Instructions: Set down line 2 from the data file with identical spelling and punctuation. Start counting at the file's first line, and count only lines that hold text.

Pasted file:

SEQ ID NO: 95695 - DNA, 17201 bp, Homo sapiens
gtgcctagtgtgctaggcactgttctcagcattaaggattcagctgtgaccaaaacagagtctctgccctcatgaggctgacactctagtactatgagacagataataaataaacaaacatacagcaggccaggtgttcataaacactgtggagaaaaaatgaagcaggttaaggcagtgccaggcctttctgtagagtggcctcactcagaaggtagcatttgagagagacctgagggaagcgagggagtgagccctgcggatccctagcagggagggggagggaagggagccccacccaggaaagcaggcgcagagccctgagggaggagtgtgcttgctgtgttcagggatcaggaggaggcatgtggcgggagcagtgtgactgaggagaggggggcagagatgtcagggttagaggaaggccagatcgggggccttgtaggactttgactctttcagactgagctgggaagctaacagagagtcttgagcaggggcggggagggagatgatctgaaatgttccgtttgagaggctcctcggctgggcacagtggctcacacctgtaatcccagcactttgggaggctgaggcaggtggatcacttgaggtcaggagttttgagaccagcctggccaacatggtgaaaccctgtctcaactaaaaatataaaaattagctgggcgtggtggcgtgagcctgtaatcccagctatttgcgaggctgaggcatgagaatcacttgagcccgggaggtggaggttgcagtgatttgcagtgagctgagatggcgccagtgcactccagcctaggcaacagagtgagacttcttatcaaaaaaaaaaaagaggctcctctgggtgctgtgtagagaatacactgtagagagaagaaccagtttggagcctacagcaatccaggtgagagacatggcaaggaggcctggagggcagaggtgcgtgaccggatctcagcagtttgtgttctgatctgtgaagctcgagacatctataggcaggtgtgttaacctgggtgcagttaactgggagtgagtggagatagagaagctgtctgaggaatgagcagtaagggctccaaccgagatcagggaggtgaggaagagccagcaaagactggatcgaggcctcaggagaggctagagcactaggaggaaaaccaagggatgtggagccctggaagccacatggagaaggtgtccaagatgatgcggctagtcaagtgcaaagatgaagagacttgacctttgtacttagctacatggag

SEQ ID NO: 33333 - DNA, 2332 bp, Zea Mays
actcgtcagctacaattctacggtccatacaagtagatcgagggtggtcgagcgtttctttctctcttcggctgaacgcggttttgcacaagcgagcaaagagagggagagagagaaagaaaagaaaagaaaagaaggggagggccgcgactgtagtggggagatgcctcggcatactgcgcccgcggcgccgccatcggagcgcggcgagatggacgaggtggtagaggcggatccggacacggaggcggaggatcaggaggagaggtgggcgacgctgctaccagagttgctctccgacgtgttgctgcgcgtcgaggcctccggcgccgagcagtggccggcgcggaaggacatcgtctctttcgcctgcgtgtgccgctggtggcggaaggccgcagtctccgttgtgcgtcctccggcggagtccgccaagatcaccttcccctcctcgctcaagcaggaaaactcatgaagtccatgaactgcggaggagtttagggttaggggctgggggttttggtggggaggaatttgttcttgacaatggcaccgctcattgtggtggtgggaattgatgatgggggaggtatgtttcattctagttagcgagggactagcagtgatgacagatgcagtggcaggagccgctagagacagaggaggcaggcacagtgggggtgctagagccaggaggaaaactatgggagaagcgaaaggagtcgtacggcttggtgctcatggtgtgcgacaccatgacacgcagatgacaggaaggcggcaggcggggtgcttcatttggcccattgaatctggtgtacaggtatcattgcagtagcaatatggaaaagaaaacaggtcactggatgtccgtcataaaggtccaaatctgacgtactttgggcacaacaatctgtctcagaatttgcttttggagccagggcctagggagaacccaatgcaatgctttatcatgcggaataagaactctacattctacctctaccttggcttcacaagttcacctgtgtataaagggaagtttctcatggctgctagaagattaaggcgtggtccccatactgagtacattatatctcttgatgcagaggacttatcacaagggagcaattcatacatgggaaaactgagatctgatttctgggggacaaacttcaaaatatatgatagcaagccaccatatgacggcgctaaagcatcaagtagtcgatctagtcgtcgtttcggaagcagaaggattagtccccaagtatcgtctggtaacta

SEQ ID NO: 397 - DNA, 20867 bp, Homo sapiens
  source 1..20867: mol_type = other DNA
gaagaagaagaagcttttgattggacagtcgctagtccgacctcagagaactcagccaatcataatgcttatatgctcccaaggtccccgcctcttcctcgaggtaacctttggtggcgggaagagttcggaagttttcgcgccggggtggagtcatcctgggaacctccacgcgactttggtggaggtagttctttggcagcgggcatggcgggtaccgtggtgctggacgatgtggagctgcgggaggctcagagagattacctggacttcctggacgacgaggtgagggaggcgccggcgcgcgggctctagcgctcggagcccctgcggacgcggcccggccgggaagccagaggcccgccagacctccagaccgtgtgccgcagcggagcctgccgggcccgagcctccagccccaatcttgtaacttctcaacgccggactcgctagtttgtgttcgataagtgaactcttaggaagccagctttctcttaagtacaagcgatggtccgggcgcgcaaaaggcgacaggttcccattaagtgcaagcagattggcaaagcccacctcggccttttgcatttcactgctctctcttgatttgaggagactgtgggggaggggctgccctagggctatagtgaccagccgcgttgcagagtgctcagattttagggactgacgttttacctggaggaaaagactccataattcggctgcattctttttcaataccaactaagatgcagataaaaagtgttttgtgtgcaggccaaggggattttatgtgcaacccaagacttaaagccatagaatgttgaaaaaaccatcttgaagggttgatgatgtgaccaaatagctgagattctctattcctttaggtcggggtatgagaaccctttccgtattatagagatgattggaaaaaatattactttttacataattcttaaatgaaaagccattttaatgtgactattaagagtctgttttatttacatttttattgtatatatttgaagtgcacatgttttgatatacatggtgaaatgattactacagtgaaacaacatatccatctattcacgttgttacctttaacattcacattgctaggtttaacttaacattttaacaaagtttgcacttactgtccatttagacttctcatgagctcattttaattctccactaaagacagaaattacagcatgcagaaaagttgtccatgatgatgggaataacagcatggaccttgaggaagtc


gtgcctagtgtgctaggcactgttctcagcattaaggattcagctgtgaccaaaacagagtctctgccctcatgaggctgacactctagtactatgagacagataataaataaacaaacatacagcaggccaggtgttcataaacactgtggagaaaaaatgaagcaggttaaggcagtgccaggcctttctgtagagtggcctcactcagaaggtagcatttgagagagacctgagggaagcgagggagtgagccctgcggatccctagcagggagggggagggaagggagccccacccaggaaagcaggcgcagagccctgagggaggagtgtgcttgctgtgttcagggatcaggaggaggcatgtggcgggagcagtgtgactgaggagaggggggcagagatgtcagggttagaggaaggccagatcgggggccttgtaggactttgactctttcagactgagctgggaagctaacagagagtcttgagcaggggcggggagggagatgatctgaaatgttccgtttgagaggctcctcggctgggcacagtggctcacacctgtaatcccagcactttgggaggctgaggcaggtggatcacttgaggtcaggagttttgagaccagcctggccaacatggtgaaaccctgtctcaactaaaaatataaaaattagctgggcgtggtggcgtgagcctgtaatcccagctatttgcgaggctgaggcatgagaatcacttgagcccgggaggtggaggttgcagtgatttgcagtgagctgagatggcgccagtgcactccagcctaggcaacagagtgagacttcttatcaaaaaaaaaaaagaggctcctctgggtgctgtgtagagaatacactgtagagagaagaaccagtttggagcctacagcaatccaggtgagagacatggcaaggaggcctggagggcagaggtgcgtgaccggatctcagcagtttgtgttctgatctgtgaagctcgagacatctataggcaggtgtgttaacctgggtgcagttaactgggagtgagtggagatagagaagctgtctgaggaatgagcagtaagggctccaaccgagatcagggaggtgaggaagagccagcaaagactggatcgaggcctcaggagaggctagagcactaggaggaaaaccaagggatgtggagccctggaagccacatggagaaggtgtccaagatgatgcggctagtcaagtgcaaagatgaagagacttgacctttgtacttagctacatggag